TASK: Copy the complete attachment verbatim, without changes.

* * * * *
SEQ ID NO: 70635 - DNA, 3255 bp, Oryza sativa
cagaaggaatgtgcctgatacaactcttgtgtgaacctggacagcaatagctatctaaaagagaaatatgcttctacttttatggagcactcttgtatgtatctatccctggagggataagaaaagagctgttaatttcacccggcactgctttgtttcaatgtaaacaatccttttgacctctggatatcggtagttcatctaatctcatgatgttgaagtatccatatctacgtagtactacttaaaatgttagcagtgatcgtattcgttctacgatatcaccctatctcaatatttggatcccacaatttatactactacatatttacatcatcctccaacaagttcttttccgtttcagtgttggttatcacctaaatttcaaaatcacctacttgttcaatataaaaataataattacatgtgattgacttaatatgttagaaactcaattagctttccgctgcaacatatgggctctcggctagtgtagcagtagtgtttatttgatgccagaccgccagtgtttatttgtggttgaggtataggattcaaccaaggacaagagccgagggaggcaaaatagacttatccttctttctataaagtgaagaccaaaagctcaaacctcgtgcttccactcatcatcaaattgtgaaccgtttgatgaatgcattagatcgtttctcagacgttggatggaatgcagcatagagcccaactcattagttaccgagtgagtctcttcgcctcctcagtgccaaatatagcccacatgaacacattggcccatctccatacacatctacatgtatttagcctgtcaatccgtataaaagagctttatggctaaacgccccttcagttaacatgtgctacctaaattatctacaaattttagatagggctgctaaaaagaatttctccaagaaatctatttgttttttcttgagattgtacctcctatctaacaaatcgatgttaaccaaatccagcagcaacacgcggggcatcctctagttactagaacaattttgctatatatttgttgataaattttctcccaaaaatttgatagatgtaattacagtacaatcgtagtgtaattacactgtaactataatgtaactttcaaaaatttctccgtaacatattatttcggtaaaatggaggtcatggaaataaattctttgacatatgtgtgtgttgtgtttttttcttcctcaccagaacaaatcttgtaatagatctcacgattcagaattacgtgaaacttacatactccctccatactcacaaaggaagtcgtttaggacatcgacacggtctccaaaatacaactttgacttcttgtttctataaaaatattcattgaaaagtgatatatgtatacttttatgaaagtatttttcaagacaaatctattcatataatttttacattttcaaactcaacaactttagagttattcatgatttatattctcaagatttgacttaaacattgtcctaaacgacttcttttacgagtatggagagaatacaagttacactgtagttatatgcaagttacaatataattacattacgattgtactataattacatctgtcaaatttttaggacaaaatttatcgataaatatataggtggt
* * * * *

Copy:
SEQ ID NO: 70635 - DNA, 3255 bp, Oryza sativa
cagaaggaatgtgcctgatacaactcttgtgtgaacctggacagcaatagctatctaaaagagaaatatgcttctacttttatggagcactcttgtatgtatctatccctggagggataagaaaagagctgttaatttcacccggcactgctttgtttcaatgtaaacaatccttttgacctctggatatcggtagttcatctaatctcatgatgttgaagtatccatatctacgtagtactacttaaaatgttagcagtgatcgtattcgttctacgatatcaccctatctcaatatttggatcccacaatttatactactacatatttacatcatcctccaacaagttcttttccgtttcagtgttggttatcacctaaatttcaaaatcacctacttgttcaatataaaaataataattacatgtgattgacttaatatgttagaaactcaattagctttccgctgcaacatatgggctctcggctagtgtagcagtagtgtttatttgatgccagaccgccagtgtttatttgtggttgaggtataggattcaaccaaggacaagagccgagggaggcaaaatagacttatccttctttctataaagtgaagaccaaaagctcaaacctcgtgcttccactcatcatcaaattgtgaaccgtttgatgaatgcattagatcgtttctcagacgttggatggaatgcagcatagagcccaactcattagttaccgagtgagtctcttcgcctcctcagtgccaaatatagcccacatgaacacattggcccatctccatacacatctacatgtatttagcctgtcaatccgtataaaagagctttatggctaaacgccccttcagttaacatgtgctacctaaattatctacaaattttagatagggctgctaaaaagaatttctccaagaaatctatttgttttttcttgagattgtacctcctatctaacaaatcgatgttaaccaaatccagcagcaacacgcggggcatcctctagttactagaacaattttgctatatatttgttgataaattttctcccaaaaatttgatagatgtaattacagtacaatcgtagtgtaattacactgtaactataatgtaactttcaaaaatttctccgtaacatattatttcggtaaaatggaggtcatggaaataaattctttgacatatgtgtgtgttgtgtttttttcttcctcaccagaacaaatcttgtaatagatctcacgattcagaattacgtgaaacttacatactccctccatactcacaaaggaagtcgtttaggacatcgacacggtctccaaaatacaactttgacttcttgtttctataaaaatattcattgaaaagtgatatatgtatacttttatgaaagtatttttcaagacaaatctattcatataatttttacattttcaaactcaacaactttagagttattcatgatttatattctcaagatttgacttaaacattgtcctaaacgacttcttttacgagtatggagagaatacaagttacactgtagttatatgcaagttacaatataattacattacgattgtactataattacatctgtcaaatttttaggacaaaatttatcgataaatatataggtggt